Northeastern (46th Annual) and North-Central (45th Annual) Joint Meeting (20–22 March 2011)

Paper No. 5
Presentation Time: 1:30 PM-5:30 PM


BEVIS, Kenneth, HAHN, Nolan and SANDOR, Brian, Geology, Hanover College, Hanover, IN 47243,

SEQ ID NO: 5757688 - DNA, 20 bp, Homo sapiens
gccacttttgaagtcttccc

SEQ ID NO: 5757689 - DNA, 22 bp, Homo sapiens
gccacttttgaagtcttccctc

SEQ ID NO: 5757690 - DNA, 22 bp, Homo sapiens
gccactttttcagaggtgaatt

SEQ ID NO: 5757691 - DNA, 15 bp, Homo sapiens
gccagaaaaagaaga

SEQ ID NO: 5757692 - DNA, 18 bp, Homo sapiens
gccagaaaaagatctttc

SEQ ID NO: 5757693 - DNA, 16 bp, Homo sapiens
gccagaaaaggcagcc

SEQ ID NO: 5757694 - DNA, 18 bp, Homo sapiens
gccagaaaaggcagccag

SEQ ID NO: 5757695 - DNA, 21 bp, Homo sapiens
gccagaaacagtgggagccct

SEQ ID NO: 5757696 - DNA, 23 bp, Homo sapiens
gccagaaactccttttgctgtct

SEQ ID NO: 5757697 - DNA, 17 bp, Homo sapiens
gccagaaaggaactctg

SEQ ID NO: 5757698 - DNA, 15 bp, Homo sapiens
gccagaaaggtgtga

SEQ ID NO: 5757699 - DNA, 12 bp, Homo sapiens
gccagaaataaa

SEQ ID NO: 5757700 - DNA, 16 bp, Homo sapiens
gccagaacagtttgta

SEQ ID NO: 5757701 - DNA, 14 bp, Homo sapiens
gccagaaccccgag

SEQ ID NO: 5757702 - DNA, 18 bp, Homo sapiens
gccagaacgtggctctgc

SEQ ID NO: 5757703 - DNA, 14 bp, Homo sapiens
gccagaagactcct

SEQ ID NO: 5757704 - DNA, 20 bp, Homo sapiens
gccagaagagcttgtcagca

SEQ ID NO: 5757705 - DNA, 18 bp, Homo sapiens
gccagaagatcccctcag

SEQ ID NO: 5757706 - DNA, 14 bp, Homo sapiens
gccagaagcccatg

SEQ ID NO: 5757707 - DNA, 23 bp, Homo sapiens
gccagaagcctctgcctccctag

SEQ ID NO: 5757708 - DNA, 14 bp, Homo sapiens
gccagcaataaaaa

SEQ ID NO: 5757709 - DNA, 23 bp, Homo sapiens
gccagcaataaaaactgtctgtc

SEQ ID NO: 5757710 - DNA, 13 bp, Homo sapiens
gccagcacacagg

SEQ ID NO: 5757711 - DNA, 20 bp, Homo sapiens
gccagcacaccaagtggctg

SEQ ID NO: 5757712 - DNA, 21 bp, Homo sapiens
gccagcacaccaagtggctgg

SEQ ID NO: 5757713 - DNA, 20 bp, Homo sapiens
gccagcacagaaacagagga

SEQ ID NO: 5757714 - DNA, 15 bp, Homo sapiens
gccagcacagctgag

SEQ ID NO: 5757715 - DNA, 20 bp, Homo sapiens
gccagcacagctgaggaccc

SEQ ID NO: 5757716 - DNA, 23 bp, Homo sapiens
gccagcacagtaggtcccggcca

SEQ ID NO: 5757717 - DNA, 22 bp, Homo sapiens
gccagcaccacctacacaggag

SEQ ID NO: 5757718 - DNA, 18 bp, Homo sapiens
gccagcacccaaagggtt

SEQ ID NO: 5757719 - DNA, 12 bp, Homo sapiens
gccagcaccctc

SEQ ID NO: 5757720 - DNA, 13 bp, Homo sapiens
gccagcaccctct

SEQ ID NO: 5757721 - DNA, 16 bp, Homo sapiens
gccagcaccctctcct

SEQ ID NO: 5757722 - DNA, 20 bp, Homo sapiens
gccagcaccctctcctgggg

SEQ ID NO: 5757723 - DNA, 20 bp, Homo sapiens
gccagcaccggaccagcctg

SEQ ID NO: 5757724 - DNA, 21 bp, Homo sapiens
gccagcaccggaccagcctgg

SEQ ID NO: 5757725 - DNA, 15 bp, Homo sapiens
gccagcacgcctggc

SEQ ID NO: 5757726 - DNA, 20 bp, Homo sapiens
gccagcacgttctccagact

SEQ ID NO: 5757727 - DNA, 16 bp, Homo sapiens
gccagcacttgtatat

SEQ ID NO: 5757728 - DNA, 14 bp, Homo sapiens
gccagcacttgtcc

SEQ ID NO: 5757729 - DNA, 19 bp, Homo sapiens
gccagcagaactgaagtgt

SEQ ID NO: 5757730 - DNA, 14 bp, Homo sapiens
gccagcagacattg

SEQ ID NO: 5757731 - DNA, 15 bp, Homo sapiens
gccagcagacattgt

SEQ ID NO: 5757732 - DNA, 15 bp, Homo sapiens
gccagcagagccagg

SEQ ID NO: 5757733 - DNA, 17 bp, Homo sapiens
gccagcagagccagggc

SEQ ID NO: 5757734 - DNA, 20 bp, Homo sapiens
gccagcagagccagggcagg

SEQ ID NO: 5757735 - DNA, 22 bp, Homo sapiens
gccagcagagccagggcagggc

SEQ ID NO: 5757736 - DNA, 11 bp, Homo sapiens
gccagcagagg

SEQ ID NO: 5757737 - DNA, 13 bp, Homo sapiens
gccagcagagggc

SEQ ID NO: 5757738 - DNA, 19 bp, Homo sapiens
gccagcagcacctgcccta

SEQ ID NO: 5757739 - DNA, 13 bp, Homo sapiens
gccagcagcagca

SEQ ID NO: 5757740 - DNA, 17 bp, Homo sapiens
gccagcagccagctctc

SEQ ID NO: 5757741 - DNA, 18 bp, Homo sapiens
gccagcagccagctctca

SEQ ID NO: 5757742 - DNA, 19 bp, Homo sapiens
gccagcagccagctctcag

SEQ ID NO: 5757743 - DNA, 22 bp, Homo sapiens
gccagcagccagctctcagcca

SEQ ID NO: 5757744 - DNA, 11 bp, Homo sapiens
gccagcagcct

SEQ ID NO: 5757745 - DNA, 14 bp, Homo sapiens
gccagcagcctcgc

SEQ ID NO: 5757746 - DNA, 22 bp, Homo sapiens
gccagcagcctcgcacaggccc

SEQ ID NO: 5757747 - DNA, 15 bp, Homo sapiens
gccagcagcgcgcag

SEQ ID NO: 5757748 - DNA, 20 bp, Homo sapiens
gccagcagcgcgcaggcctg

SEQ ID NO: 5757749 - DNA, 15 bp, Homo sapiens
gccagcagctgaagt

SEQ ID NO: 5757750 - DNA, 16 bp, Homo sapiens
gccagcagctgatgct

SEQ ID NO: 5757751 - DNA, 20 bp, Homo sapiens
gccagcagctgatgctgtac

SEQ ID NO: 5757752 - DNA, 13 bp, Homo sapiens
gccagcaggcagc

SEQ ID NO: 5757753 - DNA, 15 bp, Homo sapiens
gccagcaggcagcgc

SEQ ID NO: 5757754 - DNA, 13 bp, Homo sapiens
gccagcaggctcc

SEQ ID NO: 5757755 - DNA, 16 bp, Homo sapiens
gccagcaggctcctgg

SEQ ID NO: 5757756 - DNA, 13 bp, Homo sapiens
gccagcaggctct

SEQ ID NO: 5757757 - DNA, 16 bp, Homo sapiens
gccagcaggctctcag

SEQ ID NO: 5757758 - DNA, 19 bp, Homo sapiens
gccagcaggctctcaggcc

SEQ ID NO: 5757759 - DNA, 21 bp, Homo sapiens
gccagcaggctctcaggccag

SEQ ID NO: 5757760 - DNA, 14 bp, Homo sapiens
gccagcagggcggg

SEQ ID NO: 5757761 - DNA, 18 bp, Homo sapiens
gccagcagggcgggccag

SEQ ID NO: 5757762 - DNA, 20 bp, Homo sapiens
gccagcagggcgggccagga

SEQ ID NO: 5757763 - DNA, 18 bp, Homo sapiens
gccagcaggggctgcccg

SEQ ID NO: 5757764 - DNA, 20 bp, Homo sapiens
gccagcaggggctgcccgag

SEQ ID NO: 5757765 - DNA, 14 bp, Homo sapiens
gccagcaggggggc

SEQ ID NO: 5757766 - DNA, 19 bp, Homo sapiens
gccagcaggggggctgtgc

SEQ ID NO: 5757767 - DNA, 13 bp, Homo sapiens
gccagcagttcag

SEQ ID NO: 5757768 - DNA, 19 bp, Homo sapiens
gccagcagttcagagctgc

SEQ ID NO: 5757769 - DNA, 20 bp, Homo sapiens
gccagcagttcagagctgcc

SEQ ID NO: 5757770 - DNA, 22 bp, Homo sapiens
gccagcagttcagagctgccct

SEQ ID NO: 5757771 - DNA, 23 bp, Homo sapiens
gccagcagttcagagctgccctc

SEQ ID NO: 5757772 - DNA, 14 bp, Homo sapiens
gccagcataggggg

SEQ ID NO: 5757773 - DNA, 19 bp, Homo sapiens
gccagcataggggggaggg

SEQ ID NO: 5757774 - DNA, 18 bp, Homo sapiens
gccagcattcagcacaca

The Oregon High Cascades form an elongated north-south trending platform comprised of Pleistocene stratovolcanoes and more youthful volcanic vents and lava flows. The range amply displays classical features of glaciation representing multiple episodes of activity; its proximity to the Pacific Ocean, orientation with respect to westerly air flow, and elevation provided a nexus for glacial conditions. Scott (1977) defined the late Quaternary glacial chronology of the central Oregon Cascade Range; interpreting the glacial deposits of the upper Metolius River drainage within the Deschutes River basin east of the Cascade Crest to represent three glaciations: the Abbott Butte, Jack Creek, and Cabot Creek, from oldest to youngest. We used field data from morphostratigraphy, clast weathering, and soil development and digital mapping techniques to reassess Scott’s glacial chronology, refine the maximum extent of the Jack Creek and Cabot Creek glaciations in the Metolius watershed, and extend the chronology to adjacent drainages. We interpret the Jack Creek and Cabot Creek glaciations to coincide with late middle and late Pleistocene oxygen-isotope stage 6 and stage 2 (the LGM), respectively. Features of Jack Creek and Cabot Creek glaciation are so well preserved in the Metolius watershed as to allow reconstructions of their former ice surfaces and equilibrium-line altitudes (ELAs). We partitioned former ice masses into lobes draining major tributaries of the Metolius. Ice surface contours were established for each lobe from ice-marginal features of erosion and deposition and by assuming convergent and divergent flow in accumulation and ablation areas, and modified until basal shear stress computations from ice thickness and surface slope fell within the accepted range of 50 to 150 kPa. Using an accumulation-area ratio of 0.70+/-0.05 for valley glaciers emanating from alpine ice caps, we determined regional weighted-mean paleo-ELAs to be about 4608 ft (1404 m) and 4722 ft (1439 m) for the Jack Creek and Cabot Creek glaciations, respectively. Former ELAs of both glacial periods were locally lowest in the southern portion of the watershed where the modern Cascade Crest is lowest between Santiam and McKenzie Pass, suggesting paleo-precipitation patterns and rainshadow affects were similar to the present-day.